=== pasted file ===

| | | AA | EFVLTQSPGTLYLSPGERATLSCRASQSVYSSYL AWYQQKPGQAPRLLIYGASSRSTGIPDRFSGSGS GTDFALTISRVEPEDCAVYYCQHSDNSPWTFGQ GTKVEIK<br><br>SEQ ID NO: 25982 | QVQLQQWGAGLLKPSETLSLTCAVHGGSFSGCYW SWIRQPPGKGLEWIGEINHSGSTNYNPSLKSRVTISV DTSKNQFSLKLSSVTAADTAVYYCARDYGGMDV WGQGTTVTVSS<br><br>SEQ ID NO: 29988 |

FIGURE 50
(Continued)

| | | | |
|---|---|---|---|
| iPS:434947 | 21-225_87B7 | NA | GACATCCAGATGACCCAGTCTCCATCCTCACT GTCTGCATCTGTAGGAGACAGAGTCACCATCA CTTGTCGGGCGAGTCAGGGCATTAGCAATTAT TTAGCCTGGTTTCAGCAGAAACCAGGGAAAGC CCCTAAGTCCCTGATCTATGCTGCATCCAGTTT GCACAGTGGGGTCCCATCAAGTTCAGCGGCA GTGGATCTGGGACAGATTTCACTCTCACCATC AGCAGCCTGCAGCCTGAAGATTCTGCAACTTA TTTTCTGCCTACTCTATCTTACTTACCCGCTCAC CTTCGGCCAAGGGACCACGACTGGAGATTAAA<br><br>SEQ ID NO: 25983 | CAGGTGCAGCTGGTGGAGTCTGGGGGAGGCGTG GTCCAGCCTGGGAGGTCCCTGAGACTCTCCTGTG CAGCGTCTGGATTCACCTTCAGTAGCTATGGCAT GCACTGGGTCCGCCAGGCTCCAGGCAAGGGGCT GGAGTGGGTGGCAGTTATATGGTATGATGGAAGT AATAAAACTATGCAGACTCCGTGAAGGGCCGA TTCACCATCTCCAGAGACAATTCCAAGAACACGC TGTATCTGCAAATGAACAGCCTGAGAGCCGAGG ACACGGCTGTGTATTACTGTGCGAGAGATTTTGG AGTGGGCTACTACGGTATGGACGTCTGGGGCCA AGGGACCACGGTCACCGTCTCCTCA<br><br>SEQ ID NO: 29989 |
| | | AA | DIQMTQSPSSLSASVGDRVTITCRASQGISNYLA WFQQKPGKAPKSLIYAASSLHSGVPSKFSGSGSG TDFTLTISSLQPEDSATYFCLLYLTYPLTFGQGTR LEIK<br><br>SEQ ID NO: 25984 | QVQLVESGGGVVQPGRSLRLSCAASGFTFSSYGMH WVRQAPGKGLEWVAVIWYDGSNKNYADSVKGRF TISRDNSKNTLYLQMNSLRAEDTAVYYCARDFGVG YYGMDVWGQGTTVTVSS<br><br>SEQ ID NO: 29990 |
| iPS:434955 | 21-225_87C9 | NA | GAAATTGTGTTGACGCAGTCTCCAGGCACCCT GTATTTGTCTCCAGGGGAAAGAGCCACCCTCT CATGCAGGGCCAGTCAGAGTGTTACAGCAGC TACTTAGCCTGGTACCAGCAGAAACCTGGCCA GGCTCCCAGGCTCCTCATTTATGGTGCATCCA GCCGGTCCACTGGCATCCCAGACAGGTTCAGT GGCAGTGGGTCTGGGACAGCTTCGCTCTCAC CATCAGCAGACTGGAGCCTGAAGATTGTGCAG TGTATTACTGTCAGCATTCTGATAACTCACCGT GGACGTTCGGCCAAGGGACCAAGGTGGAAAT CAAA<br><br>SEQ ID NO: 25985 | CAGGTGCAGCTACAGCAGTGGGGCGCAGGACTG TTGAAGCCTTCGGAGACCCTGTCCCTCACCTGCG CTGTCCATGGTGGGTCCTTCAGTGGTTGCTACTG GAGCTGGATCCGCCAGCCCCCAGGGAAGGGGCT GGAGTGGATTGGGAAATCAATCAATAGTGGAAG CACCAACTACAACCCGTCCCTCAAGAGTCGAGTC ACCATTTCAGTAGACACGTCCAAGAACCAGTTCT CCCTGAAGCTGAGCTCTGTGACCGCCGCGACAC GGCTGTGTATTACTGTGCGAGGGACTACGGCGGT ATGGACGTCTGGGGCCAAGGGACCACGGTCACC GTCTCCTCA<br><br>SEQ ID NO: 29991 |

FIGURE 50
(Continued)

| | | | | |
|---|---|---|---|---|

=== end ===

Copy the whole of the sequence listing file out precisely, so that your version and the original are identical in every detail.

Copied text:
| | | AA | EFVLTQSPGTLYLSPGERATLSCRASQSVYSSYL AWYQQKPGQAPRLLIYGASSRSTGIPDRFSGSGS GTDFALTISRVEPEDCAVYYCQHSDNSPWTFGQ GTKVEIK<br><br>SEQ ID NO: 25982 | QVQLQQWGAGLLKPSETLSLTCAVHGGSFSGCYW SWIRQPPGKGLEWIGEINHSGSTNYNPSLKSRVTISV DTSKNQFSLKLSSVTAADTAVYYCARDYGGMDV WGQGTTVTVSS<br><br>SEQ ID NO: 29988 |

FIGURE 50
(Continued)

| | | | |
|---|---|---|---|
| iPS:434947 | 21-225_87B7 | NA | GACATCCAGATGACCCAGTCTCCATCCTCACT GTCTGCATCTGTAGGAGACAGAGTCACCATCA CTTGTCGGGCGAGTCAGGGCATTAGCAATTAT TTAGCCTGGTTTCAGCAGAAACCAGGGAAAGC CCCTAAGTCCCTGATCTATGCTGCATCCAGTTT GCACAGTGGGGTCCCATCAAGTTCAGCGGCA GTGGATCTGGGACAGATTTCACTCTCACCATC AGCAGCCTGCAGCCTGAAGATTCTGCAACTTA TTTTCTGCCTACTCTATCTTACTTACCCGCTCAC CTTCGGCCAAGGGACCACGACTGGAGATTAAA<br><br>SEQ ID NO: 25983 | CAGGTGCAGCTGGTGGAGTCTGGGGGAGGCGTG GTCCAGCCTGGGAGGTCCCTGAGACTCTCCTGTG CAGCGTCTGGATTCACCTTCAGTAGCTATGGCAT GCACTGGGTCCGCCAGGCTCCAGGCAAGGGGCT GGAGTGGGTGGCAGTTATATGGTATGATGGAAGT AATAAAACTATGCAGACTCCGTGAAGGGCCGA TTCACCATCTCCAGAGACAATTCCAAGAACACGC TGTATCTGCAAATGAACAGCCTGAGAGCCGAGG ACACGGCTGTGTATTACTGTGCGAGAGATTTTGG AGTGGGCTACTACGGTATGGACGTCTGGGGCCA AGGGACCACGGTCACCGTCTCCTCA<br><br>SEQ ID NO: 29989 |
| | | AA | DIQMTQSPSSLSASVGDRVTITCRASQGISNYLA WFQQKPGKAPKSLIYAASSLHSGVPSKFSGSGSG TDFTLTISSLQPEDSATYFCLLYLTYPLTFGQGTR LEIK<br><br>SEQ ID NO: 25984 | QVQLVESGGGVVQPGRSLRLSCAASGFTFSSYGMH WVRQAPGKGLEWVAVIWYDGSNKNYADSVKGRF TISRDNSKNTLYLQMNSLRAEDTAVYYCARDFGVG YYGMDVWGQGTTVTVSS<br><br>SEQ ID NO: 29990 |
| iPS:434955 | 21-225_87C9 | NA | GAAATTGTGTTGACGCAGTCTCCAGGCACCCT GTATTTGTCTCCAGGGGAAAGAGCCACCCTCT CATGCAGGGCCAGTCAGAGTGTTACAGCAGC TACTTAGCCTGGTACCAGCAGAAACCTGGCCA GGCTCCCAGGCTCCTCATTTATGGTGCATCCA GCCGGTCCACTGGCATCCCAGACAGGTTCAGT GGCAGTGGGTCTGGGACAGCTTCGCTCTCAC CATCAGCAGACTGGAGCCTGAAGATTGTGCAG TGTATTACTGTCAGCATTCTGATAACTCACCGT GGACGTTCGGCCAAGGGACCAAGGTGGAAAT CAAA<br><br>SEQ ID NO: 25985 | CAGGTGCAGCTACAGCAGTGGGGCGCAGGACTG TTGAAGCCTTCGGAGACCCTGTCCCTCACCTGCG CTGTCCATGGTGGGTCCTTCAGTGGTTGCTACTG GAGCTGGATCCGCCAGCCCCCAGGGAAGGGGCT GGAGTGGATTGGGAAATCAATCAATAGTGGAAG CACCAACTACAACCCGTCCCTCAAGAGTCGAGTC ACCATTTCAGTAGACACGTCCAAGAACCAGTTCT CCCTGAAGCTGAGCTCTGTGACCGCCGCGACAC GGCTGTGTATTACTGTGCGAGGGACTACGGCGGT ATGGACGTCTGGGGCCAAGGGACCACGGTCACC GTCTCCTCA<br><br>SEQ ID NO: 29991 |

FIGURE 50
(Continued)

| | | | | |
|---|---|---|---|---|